Tackling Sexual Harassment (1314P7)

Status: Lapsed | Zone: Student Life

Passed: 27/03/2014 | Lapsed: 27/03/2014

This policy was discussed at the following meetings:

  • According to Hidden Marks, a national report, 68% of students have been subject to verbal or physical sexual harassment, and nearly one in four have experienced unwanted sexual contact. This is especially applicable for women in nightclub environments. [1]
  • The current Union Valuing Diversity Policy, which states that SUSU must:

    “ensure that every student and staff member is treated fairly and have equality of opportunity within the union.
    not tolerate any discrimination against students or staff on any grounds.
    work alongside cohorts of individuals who may be subject to discrimination, prejudice and intimidation to provide a safe, welcoming and enjoyable environment.
    actively encourage participation from groups that are not usually involved in SUSU activities.” [2]
  • We do not currently have any definition for sexual harassment.
  • SUSU should raise awareness of sexual harassment/ violence and other kinds of harassment or bullying.
  • That we should create a more specific policy to taking a stand against Sexual Harassment and address the challenges it creates.
  • SUSU should create an environment where all students can enjoy time in their Union without being harassed.
  • In alignment with NUS definitions SUSU understand sexual harassment as describing unwelcome behaviour of a sexual nature, including; someone making comments with a sexual overtone that made you feel uncomfortable; wolf whistling, catcalling or making noises with sexual overtones; being asked questions about your sex or romantic life when it is clearly irrelevant or none of the other persons business; being asked questions about your sexuality when it is clearly irrelevant or none of the other persons business; someone exposing their sexual organs to you when you did not agree to see them; someone groping, pinching or touching your body in a sexual manner when you did not agree to them doing so; and someone exposing any part of your body without you agreeing. [3]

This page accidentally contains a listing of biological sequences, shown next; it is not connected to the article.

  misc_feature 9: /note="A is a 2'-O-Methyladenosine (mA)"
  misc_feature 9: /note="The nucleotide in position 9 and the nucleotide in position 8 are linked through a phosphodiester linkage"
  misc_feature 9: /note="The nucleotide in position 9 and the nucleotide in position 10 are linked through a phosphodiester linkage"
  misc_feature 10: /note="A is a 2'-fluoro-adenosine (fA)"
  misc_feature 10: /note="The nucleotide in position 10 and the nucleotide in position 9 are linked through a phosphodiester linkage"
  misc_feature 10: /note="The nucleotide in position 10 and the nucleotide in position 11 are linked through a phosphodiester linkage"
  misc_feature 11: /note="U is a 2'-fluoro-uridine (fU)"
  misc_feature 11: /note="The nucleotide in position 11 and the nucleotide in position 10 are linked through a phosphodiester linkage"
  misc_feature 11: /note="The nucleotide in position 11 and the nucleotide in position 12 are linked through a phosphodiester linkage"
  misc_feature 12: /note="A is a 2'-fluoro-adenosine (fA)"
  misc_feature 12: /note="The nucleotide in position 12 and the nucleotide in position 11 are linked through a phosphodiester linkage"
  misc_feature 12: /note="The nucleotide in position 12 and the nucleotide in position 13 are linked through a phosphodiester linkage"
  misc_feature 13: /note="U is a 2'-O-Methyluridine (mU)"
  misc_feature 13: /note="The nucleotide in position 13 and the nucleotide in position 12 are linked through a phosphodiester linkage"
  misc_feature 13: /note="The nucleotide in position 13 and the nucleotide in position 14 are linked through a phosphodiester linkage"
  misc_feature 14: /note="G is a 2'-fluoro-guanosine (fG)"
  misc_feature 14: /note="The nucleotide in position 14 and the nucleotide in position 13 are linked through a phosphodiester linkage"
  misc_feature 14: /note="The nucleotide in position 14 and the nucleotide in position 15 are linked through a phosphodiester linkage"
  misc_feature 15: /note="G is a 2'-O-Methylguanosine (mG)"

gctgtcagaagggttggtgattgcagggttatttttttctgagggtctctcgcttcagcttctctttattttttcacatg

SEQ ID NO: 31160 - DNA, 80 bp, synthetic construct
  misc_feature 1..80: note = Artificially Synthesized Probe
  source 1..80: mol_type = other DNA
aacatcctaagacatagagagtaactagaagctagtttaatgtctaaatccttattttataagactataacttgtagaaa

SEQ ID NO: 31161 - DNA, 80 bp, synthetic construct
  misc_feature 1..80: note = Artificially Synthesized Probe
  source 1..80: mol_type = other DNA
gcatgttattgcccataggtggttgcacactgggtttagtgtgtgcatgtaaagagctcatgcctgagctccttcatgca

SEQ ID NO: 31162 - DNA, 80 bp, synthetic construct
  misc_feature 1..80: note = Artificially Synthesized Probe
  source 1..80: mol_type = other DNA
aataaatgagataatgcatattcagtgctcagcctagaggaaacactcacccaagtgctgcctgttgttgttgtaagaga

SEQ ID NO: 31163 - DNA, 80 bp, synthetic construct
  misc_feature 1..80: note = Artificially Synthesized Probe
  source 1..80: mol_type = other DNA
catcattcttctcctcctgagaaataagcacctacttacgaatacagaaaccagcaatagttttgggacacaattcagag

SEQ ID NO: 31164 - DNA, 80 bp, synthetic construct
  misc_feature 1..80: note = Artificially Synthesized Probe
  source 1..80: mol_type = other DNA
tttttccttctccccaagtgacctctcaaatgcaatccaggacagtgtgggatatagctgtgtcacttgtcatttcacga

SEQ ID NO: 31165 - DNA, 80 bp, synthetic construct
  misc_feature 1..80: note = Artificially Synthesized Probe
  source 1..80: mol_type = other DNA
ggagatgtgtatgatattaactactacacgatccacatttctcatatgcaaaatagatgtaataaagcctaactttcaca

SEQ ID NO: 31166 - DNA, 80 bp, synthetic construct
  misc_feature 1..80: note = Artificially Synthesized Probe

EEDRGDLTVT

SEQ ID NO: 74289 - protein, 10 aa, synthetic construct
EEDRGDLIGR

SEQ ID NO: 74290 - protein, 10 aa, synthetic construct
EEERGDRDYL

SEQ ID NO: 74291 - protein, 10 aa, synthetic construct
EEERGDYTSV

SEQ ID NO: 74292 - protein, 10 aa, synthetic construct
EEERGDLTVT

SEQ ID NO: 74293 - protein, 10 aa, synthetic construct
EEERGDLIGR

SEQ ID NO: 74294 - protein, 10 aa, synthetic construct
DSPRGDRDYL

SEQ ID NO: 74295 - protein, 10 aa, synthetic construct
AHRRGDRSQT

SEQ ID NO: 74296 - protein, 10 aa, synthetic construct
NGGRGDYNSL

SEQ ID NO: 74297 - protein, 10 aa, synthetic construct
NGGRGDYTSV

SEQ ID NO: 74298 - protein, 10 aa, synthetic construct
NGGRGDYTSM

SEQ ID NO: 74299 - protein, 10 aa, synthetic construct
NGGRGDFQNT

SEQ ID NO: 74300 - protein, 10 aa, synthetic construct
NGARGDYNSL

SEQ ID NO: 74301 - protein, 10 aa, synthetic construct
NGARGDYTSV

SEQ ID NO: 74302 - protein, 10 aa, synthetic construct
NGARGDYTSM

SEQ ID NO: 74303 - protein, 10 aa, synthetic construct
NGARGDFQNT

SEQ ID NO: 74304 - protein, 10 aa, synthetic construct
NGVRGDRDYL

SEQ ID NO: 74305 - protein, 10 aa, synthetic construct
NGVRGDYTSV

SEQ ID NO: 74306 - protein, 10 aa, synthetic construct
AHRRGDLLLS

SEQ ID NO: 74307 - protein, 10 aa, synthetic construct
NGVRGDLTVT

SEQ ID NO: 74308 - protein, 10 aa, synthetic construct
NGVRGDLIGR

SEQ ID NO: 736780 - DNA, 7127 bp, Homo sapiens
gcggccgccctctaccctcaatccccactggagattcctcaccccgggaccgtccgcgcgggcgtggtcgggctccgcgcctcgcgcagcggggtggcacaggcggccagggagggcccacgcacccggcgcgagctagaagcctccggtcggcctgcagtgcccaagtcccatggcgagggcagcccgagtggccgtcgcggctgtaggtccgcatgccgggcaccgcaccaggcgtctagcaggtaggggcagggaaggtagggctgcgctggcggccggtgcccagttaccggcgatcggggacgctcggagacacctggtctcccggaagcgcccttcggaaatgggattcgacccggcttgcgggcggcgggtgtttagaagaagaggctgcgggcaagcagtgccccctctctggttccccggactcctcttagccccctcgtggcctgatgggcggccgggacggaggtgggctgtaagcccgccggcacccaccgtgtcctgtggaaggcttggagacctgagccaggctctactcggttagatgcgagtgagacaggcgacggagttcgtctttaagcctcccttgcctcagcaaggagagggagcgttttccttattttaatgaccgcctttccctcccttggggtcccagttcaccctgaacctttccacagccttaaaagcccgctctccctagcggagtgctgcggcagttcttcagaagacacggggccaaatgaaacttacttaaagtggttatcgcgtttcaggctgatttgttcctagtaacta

• To take action by understanding, educating, training and reviewing.
  • To begin the process of challenging unacceptable behaviour by first understanding what students currently believe the term sexual harassment to mean, and gauge their perceptions of its occurrence.
  • To educate those who engage in acts of sexual harassment:

    by running a drip-fed campaign throughout the year with various forms of media provoking debate around sexual harassment – especially focussed on End of Term, Freshers and New Year.
    by creating an action plan to work with at least five local night time venues in the academic year 2014/2015 to embed best practice.
    To ensure that we have a clear, transparent and simple procedure for affected students to report and address specific incidents of sexual harassmenet within SUSU.
    To ensure that those who witness or are victims of sexual harassment know the correct steps to take, by creating a programme of training for elected officers and relevant staff to help them understand what sexual harassment is and how to deal with it (to include Union Councillors, Student Leaders, Sabbatical officers, club captains/ Social sec and members of JCRs [4]). This will occur within the first 2 months of starting their roles.
    To support those who experience sexual harassment by regularly reviewing the support, processes and procedures that currently surround sexual harassment in SUSU every 12 months, and making changes where appropriate.
  • The Equality & Diversity Committee, along with the Student Life Zone, to have ownership over any work done to tackle sexual harassment.
  • VP Welfare and Equality and Diversity Officer to lead all work.